Not only did he do this but he acknowledged the mistakes he had made. He talked about what he would do differently. He talked about the decisions he'd made that were forced by machine limitations, complete lack of standardisation of email address formats, and various other constraints. It's easy in hindsight to criticise some of these decisions but when you're starting out on a new system the horizon is wide open and you don't realise and sometimes can't even determine the scope of the consequences of your decisions.
Interestingly he pointed out the Postel principle - "be strict in what you emit and liberal in what you receive" as perhaps one of these mistakes. In his defence he said that there were many often completely incompatible email address formats and exchange methods, and professors get incredibly' irate when they find out that their grant application wasn't received. But it allows badly-written and incompletely-compatible systems to live and thrive, and I think we've seen this with HTML and other things - by Netscape allowing badly-written HTML to be rendered vaguely correctly it allowed IE to prosper.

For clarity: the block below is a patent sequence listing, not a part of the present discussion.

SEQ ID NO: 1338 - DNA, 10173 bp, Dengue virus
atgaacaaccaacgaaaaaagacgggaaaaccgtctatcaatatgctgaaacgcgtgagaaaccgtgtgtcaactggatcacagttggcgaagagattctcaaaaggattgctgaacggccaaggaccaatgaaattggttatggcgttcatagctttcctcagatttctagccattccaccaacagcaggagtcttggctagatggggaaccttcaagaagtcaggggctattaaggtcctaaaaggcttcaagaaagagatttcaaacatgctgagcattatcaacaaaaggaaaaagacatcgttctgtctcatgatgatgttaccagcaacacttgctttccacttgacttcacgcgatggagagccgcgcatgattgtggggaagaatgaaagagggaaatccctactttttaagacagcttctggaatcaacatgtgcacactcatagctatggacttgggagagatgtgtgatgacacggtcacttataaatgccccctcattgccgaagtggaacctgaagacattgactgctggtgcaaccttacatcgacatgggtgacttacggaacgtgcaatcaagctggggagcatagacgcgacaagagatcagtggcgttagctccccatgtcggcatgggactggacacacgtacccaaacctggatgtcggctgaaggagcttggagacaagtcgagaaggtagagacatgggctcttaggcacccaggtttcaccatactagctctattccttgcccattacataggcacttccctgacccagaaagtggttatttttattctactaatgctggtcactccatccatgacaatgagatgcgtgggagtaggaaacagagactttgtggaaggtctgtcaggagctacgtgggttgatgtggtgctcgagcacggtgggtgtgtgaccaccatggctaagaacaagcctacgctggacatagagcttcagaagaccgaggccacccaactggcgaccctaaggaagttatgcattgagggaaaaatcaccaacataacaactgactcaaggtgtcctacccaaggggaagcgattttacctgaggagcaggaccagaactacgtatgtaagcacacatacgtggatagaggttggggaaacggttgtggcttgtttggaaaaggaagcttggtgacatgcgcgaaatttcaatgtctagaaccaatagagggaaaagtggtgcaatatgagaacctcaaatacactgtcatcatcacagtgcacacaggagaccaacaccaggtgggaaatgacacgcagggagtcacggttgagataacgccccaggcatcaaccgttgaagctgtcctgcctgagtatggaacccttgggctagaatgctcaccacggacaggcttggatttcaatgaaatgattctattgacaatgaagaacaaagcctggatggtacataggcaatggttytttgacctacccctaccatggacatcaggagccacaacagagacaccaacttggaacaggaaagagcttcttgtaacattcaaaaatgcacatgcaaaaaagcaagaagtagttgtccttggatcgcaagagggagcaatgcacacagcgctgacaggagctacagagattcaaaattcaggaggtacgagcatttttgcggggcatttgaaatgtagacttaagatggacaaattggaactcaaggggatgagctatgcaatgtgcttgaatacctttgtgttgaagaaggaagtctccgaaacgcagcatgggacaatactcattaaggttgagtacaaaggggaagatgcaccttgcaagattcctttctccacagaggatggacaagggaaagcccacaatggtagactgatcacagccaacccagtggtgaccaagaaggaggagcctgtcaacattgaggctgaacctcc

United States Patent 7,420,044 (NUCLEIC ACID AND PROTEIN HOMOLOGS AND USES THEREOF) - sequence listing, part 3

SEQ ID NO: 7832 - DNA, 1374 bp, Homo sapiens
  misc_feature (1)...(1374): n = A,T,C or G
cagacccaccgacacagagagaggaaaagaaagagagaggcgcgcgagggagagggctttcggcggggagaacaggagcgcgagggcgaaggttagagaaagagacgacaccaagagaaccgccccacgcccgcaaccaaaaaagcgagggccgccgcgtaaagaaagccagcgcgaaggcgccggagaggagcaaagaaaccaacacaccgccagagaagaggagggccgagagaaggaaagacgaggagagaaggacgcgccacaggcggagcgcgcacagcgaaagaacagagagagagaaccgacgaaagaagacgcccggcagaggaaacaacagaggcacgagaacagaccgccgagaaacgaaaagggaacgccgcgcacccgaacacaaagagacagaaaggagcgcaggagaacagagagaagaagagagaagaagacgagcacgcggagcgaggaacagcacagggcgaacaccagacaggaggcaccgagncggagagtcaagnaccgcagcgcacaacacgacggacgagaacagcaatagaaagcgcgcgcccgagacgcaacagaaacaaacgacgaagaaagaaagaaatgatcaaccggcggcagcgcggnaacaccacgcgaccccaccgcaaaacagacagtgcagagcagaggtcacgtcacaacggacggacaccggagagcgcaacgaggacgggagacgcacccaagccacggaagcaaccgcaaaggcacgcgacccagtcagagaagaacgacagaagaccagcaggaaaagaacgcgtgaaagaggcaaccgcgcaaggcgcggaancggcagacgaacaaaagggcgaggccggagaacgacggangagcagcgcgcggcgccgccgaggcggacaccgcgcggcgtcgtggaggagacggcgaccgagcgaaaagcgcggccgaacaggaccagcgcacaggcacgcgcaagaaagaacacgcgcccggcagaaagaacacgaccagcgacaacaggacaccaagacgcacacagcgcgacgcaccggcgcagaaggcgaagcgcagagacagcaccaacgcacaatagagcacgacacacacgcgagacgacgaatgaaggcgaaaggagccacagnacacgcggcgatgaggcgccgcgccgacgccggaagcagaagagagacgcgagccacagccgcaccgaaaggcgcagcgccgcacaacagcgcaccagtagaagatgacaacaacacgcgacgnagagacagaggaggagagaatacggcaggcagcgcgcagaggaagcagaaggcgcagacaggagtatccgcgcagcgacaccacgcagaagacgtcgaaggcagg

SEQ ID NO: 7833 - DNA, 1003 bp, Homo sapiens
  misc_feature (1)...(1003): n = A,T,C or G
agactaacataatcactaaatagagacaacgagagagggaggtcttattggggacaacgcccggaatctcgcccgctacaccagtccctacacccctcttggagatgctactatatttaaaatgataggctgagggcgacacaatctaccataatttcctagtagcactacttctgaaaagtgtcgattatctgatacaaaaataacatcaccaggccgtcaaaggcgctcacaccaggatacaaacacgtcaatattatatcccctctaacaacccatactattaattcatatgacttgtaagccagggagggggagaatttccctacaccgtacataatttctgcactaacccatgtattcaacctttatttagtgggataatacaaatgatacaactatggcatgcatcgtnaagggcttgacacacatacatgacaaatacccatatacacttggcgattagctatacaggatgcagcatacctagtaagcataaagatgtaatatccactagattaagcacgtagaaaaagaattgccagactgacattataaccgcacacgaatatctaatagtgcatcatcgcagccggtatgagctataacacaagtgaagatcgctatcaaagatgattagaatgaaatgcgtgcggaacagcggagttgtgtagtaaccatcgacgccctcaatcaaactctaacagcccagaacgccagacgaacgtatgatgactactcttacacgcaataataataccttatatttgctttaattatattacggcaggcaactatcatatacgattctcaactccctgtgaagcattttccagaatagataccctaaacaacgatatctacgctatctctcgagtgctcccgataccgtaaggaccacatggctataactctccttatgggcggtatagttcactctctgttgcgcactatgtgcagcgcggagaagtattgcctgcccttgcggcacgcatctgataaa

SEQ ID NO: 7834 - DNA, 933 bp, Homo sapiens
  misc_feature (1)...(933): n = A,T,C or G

But the thing I really appreciate is someone who will say "yeah, in hindsight that was a bad move". We all have reasons at the time, but there are a lot of bad decisions that are perpetuated - especially by large companies - because no-one is willing to admit that they made a mistake. It takes a lot of guts to stand up in front of eight hundred people who've all at one time or another struggled with sendmail and say "Yeah, M4, I don't think that was such a great idea". And yet it means we can now say "OK, well, let's get on with it anyway" and stop trying to blame sendmail for all our email problems.
His "takeaway" ideas were also really great and I think it validates Eric's experience as a programmer and system architect. The thing I would amplify from these was documentation: if you don't have documentation of your project, you'll never get any users.
All posts licensed under the CC-BY-NC license. Author Paul Wayper.